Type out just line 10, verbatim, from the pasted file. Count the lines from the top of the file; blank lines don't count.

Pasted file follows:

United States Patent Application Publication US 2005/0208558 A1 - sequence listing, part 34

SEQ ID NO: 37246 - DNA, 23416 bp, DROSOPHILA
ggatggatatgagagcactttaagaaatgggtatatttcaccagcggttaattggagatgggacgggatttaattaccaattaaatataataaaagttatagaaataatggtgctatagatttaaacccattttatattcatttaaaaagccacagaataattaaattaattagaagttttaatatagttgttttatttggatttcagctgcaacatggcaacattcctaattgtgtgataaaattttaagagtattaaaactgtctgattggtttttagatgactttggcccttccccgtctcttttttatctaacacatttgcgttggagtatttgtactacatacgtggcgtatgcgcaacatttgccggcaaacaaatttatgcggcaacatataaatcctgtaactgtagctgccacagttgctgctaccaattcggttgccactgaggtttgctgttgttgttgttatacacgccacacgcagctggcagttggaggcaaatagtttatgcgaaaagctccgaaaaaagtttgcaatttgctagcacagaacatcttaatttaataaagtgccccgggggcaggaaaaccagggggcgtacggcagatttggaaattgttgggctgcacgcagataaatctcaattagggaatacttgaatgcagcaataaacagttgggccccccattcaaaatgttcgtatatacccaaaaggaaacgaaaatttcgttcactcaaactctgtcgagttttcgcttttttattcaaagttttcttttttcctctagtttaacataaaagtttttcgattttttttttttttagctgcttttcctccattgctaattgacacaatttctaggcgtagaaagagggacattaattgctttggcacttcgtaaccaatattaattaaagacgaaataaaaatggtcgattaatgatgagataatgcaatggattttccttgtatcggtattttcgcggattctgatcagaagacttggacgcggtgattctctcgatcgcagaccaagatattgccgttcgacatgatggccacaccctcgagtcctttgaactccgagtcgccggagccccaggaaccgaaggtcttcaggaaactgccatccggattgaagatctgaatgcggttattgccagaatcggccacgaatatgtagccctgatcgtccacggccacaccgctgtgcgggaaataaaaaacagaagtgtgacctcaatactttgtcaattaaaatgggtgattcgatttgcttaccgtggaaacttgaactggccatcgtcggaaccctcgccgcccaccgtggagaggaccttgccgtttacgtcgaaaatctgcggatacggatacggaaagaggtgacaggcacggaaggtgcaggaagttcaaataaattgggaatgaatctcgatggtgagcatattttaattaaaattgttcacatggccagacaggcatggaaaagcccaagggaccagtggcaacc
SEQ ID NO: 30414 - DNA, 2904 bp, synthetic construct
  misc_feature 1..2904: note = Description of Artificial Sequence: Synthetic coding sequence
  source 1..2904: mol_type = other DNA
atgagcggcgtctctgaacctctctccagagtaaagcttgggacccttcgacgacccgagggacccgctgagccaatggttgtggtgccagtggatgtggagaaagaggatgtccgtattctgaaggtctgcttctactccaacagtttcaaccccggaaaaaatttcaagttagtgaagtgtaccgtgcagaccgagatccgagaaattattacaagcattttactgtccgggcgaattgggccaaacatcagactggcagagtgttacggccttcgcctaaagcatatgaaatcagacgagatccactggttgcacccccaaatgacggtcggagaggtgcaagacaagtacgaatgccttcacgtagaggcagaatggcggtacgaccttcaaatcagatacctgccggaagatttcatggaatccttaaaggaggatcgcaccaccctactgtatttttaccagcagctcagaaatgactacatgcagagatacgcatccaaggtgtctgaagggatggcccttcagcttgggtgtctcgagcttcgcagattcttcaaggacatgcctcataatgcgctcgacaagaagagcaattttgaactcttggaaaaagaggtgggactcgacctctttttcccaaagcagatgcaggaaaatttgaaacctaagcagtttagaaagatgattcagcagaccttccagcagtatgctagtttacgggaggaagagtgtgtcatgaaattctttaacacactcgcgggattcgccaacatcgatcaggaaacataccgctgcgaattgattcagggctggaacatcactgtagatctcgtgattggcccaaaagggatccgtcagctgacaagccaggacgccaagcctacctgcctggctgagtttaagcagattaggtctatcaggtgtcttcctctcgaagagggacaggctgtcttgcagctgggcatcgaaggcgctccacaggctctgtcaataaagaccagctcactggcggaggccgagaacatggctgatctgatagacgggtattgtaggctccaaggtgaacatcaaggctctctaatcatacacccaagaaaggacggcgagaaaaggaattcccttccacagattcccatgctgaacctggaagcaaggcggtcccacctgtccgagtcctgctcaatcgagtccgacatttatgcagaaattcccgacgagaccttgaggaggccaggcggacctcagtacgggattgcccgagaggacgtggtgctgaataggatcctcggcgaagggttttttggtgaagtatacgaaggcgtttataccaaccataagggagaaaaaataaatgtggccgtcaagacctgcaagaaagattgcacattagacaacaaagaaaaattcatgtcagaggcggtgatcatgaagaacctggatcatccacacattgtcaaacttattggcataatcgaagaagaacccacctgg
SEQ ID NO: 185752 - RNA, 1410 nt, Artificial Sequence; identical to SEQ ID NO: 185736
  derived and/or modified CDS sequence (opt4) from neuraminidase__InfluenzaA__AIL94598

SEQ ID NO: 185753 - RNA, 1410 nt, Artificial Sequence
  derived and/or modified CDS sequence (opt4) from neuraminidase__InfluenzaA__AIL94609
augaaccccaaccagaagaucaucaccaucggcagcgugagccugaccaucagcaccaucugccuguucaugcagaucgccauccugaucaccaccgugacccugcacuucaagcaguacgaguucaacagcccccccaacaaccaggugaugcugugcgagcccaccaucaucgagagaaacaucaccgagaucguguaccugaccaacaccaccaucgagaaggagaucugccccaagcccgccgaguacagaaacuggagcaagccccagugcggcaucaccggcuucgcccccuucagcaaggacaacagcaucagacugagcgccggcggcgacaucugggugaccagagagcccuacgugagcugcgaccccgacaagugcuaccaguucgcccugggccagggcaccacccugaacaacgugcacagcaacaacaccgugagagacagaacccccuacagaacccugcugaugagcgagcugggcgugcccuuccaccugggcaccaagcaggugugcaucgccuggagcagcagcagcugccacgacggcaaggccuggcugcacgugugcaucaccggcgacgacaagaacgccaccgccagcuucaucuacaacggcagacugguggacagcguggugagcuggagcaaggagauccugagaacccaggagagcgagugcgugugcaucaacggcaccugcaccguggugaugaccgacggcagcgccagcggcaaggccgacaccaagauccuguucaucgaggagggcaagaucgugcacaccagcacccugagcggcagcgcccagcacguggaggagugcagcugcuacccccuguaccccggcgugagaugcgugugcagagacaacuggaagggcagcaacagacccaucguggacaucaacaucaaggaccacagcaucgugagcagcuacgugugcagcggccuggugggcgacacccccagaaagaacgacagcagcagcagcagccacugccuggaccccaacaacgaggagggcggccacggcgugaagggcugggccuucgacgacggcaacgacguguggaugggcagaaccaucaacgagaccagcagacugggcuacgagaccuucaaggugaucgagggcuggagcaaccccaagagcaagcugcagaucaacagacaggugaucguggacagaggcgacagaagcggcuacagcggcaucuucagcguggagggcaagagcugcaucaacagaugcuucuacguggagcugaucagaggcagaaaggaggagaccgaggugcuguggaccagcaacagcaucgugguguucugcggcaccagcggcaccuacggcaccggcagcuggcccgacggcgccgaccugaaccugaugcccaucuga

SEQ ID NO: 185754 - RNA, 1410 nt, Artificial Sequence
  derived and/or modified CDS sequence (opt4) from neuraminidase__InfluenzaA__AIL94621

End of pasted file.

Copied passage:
SEQ ID NO: 185753 - RNA, 1410 nt, Artificial Sequence